Nwankwo Kanu has declared to run for presidency in the 2019 general election. Probably because he was a footballer, he chose an unlikely medium-Goal.com, a football magazine to announce his entry. At 41, Kanu is not too young to run. Even without the “Not too young to run bill,” 41 inures him against the extant provision of Sections 131 (b) of the 1999 Constitution of the Federal Republic of Nigeria (as amended), which puts the minimum age requirement for a president at 40, of which the “Not too young to run bill,” seeks to lower to 30.
I am a football fan and clearly not that of politics. May be I would have been both if the Nigerian players in the latter have not made it filthy, mucky and cut-throat. To spell it out clearly, the Nigerian political field is treacherous, bloody and satanic. It is a place where dog eats dog. It does not attract me. My interest in Kanu’s declaration and in the main, the politics he wants to charge into, is its resonance with the new and strident calls for a generational shift in the recruitment process of Nigerian political office holders, beginning with the upcoming election.
It has been a clamour from a vast spectrum of ordinary Nigerians but got amplified in the nation’s consciousness by Olusegun Obasanjo and Ibrahim Babangida, both of whom are octogenarians and ruled the country for a cumulative of 19 years, and not forgetting Olisa Agbakoba, SAN, former president, Nigerian Bar Association (NBA) and co-founder, National Intervention Movement (NIM. Obasanjo made this call once last year and so far this year, has made it twice. The first was in his well-publicised January 23 letter to President Muhammadu Buhari and the second was on Monday, this week, when he received leaders of a political tendency of young Nigerians, the New Nigeria Group, led by Moses Siloko Siasia.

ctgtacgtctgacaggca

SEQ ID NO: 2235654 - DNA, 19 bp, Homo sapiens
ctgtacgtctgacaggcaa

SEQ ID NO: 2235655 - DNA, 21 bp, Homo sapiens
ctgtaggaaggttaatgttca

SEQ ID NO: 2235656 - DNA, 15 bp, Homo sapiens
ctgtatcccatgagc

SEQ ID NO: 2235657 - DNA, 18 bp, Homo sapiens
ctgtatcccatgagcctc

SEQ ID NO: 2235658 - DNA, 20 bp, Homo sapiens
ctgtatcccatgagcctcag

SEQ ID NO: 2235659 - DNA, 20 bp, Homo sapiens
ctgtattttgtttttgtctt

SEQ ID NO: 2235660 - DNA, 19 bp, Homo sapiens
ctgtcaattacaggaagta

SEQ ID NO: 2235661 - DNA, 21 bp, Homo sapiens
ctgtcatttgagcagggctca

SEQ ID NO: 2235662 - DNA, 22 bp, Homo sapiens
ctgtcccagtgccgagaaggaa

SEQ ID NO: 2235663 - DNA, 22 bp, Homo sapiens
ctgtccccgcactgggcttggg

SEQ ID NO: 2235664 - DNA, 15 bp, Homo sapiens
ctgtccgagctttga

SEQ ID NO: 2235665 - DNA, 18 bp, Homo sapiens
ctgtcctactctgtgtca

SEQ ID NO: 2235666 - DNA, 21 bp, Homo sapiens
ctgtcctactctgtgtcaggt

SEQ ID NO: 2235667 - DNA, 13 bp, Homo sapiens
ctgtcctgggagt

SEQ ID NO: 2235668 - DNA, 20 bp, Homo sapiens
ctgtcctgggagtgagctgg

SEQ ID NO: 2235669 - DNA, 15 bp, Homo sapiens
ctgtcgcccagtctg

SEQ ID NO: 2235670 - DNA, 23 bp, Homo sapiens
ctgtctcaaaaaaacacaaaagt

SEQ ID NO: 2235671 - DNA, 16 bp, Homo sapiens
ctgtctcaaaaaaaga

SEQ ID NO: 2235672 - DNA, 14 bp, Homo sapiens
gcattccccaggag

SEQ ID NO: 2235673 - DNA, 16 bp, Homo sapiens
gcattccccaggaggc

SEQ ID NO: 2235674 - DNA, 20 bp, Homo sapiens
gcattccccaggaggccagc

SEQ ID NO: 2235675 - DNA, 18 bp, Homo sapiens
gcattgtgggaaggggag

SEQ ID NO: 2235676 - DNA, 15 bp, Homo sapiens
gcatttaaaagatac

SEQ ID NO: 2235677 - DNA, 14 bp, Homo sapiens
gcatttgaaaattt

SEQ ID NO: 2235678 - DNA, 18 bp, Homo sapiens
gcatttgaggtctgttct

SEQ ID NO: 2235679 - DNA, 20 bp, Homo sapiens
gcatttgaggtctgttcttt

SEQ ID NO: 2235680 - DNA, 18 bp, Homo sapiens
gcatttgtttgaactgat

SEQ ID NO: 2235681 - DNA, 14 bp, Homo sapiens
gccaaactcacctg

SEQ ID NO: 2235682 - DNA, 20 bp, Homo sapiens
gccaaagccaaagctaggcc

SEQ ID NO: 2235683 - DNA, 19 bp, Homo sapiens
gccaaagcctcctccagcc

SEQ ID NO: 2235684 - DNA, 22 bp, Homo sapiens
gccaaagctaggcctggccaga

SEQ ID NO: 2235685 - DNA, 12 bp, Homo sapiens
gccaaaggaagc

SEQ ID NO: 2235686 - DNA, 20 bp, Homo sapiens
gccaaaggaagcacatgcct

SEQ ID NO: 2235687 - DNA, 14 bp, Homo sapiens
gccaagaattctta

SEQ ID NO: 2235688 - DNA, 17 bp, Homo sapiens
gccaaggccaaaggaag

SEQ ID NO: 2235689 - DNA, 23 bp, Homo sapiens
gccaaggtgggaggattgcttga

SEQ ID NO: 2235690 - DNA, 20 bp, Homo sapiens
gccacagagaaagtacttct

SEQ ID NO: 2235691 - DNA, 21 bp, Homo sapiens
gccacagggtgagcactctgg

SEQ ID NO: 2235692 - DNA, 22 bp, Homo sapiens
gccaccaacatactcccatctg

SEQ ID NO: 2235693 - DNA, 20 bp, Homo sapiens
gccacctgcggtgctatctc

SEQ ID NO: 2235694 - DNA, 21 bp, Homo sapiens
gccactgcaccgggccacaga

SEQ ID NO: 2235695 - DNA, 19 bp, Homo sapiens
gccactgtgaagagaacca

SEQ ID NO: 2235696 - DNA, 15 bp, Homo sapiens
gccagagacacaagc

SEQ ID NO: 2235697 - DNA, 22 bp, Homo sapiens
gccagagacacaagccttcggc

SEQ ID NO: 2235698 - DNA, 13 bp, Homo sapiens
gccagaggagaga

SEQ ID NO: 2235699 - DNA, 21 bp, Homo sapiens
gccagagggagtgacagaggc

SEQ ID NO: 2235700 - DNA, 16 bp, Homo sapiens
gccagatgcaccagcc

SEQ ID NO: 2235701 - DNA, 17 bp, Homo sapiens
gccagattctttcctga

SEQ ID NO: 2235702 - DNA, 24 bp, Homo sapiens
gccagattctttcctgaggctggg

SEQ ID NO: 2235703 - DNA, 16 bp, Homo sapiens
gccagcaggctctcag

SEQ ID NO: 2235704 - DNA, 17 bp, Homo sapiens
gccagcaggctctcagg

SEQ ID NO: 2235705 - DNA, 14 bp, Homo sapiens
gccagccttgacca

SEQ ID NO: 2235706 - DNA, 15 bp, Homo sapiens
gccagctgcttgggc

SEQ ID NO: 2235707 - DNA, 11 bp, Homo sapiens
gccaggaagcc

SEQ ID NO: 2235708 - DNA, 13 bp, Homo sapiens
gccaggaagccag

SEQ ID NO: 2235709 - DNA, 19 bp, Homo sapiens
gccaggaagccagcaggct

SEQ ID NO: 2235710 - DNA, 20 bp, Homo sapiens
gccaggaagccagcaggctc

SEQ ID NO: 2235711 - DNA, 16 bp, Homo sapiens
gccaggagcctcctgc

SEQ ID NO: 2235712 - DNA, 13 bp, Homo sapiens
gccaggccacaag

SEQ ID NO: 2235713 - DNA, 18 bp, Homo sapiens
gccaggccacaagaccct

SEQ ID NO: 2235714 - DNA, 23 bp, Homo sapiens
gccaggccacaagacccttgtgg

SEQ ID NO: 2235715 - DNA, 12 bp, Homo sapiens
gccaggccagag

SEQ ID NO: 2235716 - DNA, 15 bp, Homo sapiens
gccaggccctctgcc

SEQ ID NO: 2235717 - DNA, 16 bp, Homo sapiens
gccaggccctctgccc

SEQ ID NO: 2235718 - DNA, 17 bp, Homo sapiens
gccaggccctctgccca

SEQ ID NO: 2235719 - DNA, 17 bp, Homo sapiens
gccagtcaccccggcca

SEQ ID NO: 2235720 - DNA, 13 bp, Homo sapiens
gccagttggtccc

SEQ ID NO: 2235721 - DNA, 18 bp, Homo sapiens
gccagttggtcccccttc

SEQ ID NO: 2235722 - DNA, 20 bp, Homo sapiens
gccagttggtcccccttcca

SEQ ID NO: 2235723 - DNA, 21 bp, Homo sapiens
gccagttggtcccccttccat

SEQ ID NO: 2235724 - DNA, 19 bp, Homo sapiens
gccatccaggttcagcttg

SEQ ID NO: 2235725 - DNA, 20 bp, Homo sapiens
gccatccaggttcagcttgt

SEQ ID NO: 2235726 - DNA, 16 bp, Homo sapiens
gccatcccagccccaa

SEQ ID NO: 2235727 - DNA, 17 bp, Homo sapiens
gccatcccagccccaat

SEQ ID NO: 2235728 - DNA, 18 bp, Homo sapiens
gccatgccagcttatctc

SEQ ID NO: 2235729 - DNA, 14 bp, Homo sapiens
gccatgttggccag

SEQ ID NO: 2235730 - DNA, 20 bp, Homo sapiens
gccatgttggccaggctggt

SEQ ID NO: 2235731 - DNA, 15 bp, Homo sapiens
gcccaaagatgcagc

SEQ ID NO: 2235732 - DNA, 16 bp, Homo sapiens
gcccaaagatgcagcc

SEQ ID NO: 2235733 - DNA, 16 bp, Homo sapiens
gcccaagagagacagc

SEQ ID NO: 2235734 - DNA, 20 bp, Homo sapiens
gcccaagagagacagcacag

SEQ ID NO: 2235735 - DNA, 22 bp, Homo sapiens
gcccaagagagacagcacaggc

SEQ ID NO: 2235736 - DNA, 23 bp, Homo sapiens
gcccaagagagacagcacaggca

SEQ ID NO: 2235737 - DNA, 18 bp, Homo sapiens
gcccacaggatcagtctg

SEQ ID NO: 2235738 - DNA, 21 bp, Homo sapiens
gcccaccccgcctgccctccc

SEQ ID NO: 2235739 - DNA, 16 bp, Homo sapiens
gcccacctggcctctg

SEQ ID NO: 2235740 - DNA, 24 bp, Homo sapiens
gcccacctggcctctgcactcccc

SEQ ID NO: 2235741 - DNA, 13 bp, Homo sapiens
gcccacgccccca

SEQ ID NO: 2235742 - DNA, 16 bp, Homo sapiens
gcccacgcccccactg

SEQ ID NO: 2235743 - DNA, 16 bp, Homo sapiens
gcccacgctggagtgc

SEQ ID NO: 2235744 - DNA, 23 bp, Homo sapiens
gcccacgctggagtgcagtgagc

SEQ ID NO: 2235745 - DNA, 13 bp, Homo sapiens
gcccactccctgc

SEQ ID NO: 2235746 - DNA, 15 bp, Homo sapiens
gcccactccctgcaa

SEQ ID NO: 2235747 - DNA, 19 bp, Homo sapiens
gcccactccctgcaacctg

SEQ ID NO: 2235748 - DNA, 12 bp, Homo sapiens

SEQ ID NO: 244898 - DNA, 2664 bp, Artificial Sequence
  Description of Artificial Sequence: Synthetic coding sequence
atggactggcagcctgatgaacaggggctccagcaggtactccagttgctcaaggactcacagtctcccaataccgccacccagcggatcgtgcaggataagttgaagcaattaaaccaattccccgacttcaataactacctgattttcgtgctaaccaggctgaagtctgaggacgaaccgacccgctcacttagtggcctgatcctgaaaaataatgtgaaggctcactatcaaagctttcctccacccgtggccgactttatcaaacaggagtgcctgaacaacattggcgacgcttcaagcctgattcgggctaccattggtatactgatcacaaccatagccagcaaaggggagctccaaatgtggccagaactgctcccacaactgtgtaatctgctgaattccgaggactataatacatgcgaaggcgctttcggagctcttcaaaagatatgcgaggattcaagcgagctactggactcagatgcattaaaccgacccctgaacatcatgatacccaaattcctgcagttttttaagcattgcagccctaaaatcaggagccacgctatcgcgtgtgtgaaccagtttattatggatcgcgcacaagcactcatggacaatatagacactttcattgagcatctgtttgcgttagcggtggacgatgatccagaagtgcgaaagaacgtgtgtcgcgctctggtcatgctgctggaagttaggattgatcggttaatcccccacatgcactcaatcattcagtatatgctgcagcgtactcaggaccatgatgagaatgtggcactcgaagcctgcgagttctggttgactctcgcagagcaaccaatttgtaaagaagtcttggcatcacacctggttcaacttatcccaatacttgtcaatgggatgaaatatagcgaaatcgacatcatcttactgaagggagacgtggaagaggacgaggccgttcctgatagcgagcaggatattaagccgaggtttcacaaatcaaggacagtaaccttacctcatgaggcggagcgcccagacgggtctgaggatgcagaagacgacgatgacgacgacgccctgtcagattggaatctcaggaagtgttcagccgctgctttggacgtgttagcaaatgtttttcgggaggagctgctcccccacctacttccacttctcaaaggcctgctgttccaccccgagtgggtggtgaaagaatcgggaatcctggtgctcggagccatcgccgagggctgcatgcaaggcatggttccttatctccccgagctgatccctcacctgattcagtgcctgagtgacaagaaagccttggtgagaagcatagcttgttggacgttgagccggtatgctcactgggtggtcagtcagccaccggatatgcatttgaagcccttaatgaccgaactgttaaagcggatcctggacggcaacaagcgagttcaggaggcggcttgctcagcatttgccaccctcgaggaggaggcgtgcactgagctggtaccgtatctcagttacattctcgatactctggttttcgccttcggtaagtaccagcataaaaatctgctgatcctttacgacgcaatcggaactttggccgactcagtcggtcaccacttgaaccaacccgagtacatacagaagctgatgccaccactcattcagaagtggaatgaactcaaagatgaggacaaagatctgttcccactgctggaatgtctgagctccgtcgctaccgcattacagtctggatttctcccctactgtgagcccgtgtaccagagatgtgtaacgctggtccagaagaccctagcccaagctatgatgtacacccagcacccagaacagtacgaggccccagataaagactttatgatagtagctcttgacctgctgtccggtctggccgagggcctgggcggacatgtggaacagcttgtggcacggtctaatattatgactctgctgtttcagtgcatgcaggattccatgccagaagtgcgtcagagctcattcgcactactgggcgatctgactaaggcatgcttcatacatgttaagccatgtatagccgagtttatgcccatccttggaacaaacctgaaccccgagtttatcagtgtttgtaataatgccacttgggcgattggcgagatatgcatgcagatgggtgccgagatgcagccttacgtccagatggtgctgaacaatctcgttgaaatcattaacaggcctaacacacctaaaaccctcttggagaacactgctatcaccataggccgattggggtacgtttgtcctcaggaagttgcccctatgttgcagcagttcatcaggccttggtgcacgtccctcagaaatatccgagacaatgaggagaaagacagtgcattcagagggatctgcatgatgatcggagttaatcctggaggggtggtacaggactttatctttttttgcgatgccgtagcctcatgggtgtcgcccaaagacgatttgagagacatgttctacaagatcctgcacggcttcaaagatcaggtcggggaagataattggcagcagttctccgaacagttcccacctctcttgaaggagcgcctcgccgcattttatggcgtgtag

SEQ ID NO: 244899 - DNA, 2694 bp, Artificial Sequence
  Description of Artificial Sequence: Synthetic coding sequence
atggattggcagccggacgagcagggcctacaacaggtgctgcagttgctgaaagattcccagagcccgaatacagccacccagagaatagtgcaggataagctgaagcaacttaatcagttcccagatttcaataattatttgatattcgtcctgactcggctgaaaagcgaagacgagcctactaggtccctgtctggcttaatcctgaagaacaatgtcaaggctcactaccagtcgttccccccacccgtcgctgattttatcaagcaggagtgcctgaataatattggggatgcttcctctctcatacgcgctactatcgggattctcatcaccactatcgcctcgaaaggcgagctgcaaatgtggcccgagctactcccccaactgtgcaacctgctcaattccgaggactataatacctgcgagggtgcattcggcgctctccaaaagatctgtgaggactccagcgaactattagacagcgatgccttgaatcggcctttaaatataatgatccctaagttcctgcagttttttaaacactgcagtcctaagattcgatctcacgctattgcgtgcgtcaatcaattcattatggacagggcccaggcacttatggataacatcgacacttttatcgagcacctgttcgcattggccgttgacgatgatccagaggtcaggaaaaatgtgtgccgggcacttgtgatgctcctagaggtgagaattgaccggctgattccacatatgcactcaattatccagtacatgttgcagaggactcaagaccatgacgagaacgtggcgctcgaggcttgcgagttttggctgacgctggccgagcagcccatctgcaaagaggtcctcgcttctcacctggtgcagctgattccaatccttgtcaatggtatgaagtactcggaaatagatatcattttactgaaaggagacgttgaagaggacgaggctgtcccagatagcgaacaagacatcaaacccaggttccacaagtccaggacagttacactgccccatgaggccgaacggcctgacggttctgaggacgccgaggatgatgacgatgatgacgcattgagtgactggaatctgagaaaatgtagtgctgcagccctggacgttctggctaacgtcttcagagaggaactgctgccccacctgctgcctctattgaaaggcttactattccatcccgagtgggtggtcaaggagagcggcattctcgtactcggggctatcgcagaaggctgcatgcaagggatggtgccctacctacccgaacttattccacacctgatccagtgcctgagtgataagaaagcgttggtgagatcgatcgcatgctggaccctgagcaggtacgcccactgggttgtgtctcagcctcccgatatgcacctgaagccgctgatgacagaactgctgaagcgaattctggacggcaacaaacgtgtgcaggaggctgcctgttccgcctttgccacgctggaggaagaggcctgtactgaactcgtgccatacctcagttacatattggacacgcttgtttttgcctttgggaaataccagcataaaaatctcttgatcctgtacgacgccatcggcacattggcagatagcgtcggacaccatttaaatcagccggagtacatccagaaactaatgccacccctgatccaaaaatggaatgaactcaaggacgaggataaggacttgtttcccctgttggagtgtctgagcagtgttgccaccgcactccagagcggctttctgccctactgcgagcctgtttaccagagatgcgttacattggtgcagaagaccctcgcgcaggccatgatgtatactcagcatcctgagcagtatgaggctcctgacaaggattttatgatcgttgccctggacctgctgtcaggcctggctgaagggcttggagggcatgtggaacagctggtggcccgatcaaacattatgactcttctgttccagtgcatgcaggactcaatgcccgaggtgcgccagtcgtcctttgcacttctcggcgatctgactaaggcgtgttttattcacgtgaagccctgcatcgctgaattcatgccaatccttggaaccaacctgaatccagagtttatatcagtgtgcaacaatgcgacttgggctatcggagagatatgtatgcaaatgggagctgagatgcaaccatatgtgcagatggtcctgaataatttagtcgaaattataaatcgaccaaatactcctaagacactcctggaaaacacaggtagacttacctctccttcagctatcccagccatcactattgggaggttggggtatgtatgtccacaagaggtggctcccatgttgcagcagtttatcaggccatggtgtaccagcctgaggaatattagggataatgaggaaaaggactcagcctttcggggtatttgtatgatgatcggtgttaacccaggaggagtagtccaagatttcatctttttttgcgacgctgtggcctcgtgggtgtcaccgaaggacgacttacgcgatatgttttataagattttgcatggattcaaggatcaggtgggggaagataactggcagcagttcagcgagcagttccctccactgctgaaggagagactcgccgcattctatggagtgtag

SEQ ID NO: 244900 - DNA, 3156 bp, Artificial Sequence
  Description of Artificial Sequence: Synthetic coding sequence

At the occasion, he urged youths in the country to rise to the challenge of bringing about the much-needed new generation of leaders if the country must progress on the path of socio-economic and political development. The old generation of political leaders, whom he sees as power addicts, he said, can only be dislodged from the nation’s power grid by a resolution of the younger generation to grab leadership opportunities by the scruff of the neck.
Speaking to the same group this week, Babangida decried the fact that the old generation of politicians has just refused to let go of power or yield ground to young players with fresh ideas and zeal to steer the ship of the nation. As Babangida puts it, “History has shown that a nation’s development fulcrum progresses better in the hands of younger generation, who is more adventurous and full of fresh ideas. “Some of us assumed leadership at a very young age. The older generation must give way for the new one. We have become analogue but this is a digital age; so the young people should be supported to use their digital knowledge to move the country forward.”